Q: Why do electronic devices interfere with sleep?
A: Electronic devices, especially those with screens, emit blue light. Exposure to this type of light during the evening can confuse the body's internal clock (or circadian rhythm) and suppress the release of the sleep-inducing hormone melatonin, making it harder to fall asleep.
Q: Are certain devices more disruptive to sleep than others?
A: While most screens emit blue light, the intensity and duration of exposure can vary based on the device. Smartphones and tablets, which are often held closer to the face, can have a more pronounced effect than a television across the room. However, any device screen can disrupt sleep if used extensively in the hours leading up to bedtime.
Q: How long before bedtime should I stop using electronic devices?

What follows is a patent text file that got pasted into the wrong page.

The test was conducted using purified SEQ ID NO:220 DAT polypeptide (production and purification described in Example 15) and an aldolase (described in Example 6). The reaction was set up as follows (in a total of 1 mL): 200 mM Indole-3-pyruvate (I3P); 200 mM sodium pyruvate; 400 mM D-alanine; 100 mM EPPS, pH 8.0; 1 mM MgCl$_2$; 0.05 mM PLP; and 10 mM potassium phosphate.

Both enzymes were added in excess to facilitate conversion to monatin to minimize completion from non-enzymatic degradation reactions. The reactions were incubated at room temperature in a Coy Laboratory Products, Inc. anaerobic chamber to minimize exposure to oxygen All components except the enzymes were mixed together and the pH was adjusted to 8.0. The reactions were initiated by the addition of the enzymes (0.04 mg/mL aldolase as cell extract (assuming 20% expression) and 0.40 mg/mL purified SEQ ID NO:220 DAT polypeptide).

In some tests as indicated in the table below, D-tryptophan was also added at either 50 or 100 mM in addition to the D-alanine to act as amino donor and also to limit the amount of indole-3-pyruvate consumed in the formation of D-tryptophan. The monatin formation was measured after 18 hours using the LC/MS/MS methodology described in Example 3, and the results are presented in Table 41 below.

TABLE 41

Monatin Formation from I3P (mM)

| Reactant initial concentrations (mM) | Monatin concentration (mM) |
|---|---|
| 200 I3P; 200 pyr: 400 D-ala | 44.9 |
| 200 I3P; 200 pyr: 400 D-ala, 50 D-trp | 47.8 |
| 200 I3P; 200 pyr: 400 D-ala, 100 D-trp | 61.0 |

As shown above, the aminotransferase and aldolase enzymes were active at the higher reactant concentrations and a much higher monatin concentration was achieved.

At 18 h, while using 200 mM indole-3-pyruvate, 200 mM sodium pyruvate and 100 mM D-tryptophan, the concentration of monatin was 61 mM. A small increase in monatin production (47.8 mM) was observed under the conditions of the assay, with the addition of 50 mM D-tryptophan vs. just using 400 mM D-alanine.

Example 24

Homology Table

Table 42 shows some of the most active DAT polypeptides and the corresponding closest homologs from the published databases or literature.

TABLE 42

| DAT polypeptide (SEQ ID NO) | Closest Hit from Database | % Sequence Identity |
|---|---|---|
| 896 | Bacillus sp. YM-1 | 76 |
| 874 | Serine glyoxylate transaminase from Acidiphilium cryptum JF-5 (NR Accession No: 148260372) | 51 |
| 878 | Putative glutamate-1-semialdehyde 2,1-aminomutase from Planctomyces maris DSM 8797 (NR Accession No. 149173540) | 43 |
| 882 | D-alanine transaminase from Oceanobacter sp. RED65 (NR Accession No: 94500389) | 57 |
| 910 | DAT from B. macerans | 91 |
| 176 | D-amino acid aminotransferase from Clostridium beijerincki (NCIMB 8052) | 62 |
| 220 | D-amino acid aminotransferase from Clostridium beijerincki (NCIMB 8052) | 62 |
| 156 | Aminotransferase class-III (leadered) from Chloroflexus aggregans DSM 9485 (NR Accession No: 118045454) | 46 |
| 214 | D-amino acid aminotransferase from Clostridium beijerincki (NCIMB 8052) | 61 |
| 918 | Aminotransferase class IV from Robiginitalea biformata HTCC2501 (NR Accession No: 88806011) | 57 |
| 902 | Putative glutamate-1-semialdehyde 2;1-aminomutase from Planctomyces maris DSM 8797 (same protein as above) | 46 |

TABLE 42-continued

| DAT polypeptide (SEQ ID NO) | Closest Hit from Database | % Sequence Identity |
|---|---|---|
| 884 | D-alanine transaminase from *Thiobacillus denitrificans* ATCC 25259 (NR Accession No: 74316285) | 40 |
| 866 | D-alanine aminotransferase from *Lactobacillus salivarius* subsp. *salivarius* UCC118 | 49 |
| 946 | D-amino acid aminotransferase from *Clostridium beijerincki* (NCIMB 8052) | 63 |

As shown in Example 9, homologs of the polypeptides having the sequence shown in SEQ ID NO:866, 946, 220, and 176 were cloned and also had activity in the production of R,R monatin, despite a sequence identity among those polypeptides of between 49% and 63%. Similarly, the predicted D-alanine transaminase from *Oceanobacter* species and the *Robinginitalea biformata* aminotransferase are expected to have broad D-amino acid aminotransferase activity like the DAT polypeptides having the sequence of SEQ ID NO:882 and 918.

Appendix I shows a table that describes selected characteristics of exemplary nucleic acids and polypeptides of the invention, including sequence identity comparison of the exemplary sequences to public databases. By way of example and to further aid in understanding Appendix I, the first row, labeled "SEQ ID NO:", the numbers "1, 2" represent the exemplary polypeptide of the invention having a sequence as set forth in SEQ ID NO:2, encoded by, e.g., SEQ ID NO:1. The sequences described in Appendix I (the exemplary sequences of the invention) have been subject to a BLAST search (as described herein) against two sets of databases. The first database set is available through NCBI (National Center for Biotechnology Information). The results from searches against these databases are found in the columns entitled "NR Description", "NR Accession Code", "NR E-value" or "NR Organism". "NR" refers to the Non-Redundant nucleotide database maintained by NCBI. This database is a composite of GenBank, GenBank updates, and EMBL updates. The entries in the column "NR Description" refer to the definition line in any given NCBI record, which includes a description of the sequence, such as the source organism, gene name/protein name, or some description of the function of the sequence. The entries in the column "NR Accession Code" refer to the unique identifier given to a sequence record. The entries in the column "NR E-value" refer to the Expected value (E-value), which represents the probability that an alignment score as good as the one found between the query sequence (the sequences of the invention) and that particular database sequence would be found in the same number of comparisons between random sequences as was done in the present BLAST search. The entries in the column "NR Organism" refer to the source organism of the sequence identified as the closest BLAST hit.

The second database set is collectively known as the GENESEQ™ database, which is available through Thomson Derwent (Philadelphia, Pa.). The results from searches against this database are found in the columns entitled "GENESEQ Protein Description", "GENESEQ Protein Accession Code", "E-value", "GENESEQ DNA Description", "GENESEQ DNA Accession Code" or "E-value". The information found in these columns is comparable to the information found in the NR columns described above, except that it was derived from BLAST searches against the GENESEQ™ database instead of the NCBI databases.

A: Experts often recommend a "digital detox" of at least 60-90 minutes before bedtime. This allows melatonin levels to normalize and prepares the body for rest. If you must use a device, consider activating a "night mode" or using apps that filter blue light.
Q: Does reading on an e-reader or tablet affect my sleep the same way as other devices?
A: E-readers that use e-ink technology, like certain versions of the Kindle, do not emit blue light and are less likely to interfere with sleep than backlit tablets or smartphones. However, if an e-reader is backlit and emits light, it can still impact melatonin production and disrupt sleep.
Q: Are there any tools or apps that can minimize the sleep-disrupting effects of electronic devices?
A: Yes, many devices now come with built-in settings or modes (such as Apple's "Night Shift" or Android's "Night Mode") that reduce blue light emission during the evening. Additionally, there are third-party apps like "f.lux" that adjust screen colors in sync with the time of day, warming them up in the evening to minimize blue light exposure.